Skyler Samuels as Grace Gardner on Scream Queens

And while she doesn't have a signature "costume" (yet), she's cultivated enough of distinctive look that she's immediately kept at arm's' length from the rest of us, the way all good villains are: we cannot morph into her, relate to her, or imagine ourselves as her. Which is an even more powerful message to send when the wardrobe of series' hero Grace Gardner (played by Skyler Samuels) changes with the scene around her, ultimately acting as the blank slate onto which we can project exactly what we need. When she's investigating her sorority, she dons newsboy hats. When trying to fit in amid murder and mayhem, she borrows from the book of Jamie Lee Curtis, paying tribute to '70s-era every-girls in bellbottoms, button-ups, and pullover sweaters. To survive (and to go unnoticed while uncovering mysteries), she has to blend in -- which is what her "normal girl" threads allow her to do. When we're busy paying attention to Chanel's sunglasses, our "hero" is breaking into basements unnoticed, following breadcrumbs to cold cases. (Even though in real life, everyone would notice somebody who keeps wearing questionable hats.)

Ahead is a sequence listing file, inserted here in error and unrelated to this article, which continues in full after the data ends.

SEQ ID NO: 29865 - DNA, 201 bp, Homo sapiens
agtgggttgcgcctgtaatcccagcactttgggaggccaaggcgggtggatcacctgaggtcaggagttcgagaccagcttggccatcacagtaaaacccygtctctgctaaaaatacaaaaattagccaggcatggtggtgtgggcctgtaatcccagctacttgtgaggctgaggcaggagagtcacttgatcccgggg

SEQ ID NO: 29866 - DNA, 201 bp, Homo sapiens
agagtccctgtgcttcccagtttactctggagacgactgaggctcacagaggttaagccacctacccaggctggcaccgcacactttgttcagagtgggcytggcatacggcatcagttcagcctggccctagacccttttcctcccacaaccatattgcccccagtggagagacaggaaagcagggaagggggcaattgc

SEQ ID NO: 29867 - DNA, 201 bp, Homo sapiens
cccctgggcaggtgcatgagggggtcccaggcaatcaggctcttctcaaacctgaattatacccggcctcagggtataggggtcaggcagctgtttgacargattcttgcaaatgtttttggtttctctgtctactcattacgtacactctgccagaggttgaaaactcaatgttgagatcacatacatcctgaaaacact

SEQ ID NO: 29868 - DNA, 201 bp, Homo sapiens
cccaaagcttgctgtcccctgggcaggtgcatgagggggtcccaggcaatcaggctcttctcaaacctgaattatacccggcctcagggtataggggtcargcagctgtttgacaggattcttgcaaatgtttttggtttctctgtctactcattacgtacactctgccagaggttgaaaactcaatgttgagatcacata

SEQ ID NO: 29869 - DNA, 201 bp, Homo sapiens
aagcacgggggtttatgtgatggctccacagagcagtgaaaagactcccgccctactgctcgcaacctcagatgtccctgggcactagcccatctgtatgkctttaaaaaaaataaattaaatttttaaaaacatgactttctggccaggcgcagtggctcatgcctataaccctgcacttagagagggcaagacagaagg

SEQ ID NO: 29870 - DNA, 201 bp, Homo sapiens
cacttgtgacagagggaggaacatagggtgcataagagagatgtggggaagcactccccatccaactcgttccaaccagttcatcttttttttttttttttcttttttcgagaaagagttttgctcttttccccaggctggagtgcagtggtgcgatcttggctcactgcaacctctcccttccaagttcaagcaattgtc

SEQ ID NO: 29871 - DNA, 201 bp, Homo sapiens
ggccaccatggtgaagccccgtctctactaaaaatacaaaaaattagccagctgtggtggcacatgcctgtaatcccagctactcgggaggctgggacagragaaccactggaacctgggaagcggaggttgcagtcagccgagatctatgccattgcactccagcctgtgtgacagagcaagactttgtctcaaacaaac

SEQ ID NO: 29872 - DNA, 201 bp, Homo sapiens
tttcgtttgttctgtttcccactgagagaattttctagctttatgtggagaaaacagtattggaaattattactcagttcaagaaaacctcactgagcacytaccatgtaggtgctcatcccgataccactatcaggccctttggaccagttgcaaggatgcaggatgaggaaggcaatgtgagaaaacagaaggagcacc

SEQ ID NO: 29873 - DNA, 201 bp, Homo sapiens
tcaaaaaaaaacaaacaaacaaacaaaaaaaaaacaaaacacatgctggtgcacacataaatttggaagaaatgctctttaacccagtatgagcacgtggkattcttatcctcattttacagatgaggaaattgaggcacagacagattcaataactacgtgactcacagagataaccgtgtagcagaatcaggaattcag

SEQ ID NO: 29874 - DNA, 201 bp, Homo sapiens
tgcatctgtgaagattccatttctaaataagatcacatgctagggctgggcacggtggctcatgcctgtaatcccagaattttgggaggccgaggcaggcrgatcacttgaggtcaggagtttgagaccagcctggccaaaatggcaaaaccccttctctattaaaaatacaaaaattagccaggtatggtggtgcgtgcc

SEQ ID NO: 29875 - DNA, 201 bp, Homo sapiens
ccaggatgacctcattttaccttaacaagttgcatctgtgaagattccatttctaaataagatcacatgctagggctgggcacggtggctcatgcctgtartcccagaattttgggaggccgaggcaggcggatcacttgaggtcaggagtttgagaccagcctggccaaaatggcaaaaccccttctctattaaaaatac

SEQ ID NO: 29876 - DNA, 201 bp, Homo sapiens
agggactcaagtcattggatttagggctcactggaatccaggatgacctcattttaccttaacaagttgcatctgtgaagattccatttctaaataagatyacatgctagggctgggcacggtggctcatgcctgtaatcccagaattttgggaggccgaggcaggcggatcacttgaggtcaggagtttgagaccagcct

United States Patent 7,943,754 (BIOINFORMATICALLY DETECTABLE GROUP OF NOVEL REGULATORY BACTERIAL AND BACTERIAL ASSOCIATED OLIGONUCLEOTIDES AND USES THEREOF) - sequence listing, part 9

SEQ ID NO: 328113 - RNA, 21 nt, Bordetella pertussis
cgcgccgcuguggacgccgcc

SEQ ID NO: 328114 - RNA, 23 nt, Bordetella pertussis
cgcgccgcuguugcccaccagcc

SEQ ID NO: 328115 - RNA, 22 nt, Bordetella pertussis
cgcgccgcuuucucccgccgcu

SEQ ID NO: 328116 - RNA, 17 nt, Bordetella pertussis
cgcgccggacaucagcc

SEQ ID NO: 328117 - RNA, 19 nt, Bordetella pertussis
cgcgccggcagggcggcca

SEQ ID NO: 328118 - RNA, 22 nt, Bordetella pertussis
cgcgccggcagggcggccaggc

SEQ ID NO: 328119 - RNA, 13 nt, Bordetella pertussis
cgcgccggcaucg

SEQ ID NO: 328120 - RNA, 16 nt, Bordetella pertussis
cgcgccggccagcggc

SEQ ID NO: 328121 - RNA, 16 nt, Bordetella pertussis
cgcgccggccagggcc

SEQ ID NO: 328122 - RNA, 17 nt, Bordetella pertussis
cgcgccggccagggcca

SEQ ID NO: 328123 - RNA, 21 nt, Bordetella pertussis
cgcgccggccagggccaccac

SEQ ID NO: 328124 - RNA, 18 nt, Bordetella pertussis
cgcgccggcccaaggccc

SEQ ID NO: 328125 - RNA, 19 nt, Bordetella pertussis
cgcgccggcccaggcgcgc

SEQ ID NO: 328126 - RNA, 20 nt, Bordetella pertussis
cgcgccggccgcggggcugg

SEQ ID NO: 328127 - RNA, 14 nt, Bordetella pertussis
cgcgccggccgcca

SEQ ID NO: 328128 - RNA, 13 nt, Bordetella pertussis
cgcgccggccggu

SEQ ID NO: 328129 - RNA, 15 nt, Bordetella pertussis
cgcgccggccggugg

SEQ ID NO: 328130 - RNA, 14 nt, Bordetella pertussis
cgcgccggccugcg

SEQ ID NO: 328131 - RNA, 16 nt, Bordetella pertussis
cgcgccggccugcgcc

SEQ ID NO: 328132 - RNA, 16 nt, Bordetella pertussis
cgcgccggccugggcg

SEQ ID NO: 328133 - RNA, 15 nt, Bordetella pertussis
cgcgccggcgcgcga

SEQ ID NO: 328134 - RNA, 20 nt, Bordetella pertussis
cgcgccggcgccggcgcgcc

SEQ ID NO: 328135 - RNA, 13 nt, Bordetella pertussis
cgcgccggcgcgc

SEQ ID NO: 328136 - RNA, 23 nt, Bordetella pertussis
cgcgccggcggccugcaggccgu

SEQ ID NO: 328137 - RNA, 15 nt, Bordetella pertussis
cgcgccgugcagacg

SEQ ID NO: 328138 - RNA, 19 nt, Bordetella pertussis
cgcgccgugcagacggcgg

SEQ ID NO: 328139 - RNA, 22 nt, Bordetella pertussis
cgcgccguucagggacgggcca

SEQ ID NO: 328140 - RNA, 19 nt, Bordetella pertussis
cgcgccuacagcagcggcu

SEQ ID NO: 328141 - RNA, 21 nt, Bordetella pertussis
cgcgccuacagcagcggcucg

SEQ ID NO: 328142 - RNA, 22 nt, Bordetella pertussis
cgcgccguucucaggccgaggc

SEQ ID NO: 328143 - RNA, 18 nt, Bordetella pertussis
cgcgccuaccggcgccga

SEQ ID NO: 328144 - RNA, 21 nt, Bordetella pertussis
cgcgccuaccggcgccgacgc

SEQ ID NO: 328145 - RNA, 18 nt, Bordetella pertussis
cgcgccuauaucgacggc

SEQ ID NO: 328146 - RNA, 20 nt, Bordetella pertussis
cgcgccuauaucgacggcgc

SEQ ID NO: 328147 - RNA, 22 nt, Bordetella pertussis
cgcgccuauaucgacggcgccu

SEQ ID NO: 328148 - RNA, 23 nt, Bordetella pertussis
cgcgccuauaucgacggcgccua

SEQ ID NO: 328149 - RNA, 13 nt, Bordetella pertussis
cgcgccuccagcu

Lily Rabe as Sister Mary Eunice McKee in American Horror Story: Asylum

This is something Murphy actually does super-well. By drawing our attention to wardrobe-based details in each season of American Horror Story, he revives the formula of the horror tropes we grew up with. Kathy Bates' Victorian-era dress in Coven, Lily Rabe's habit in Asylum, and the leather onesie in House are arguably on-par with the Krueger stripes, Carrie dress, and Scream masks of the '70s, '80s, and '90s. And as in those movies, we don't remember most of what the victims dressed or even looked like. (Again, I think Connie Britton once wore a hat.)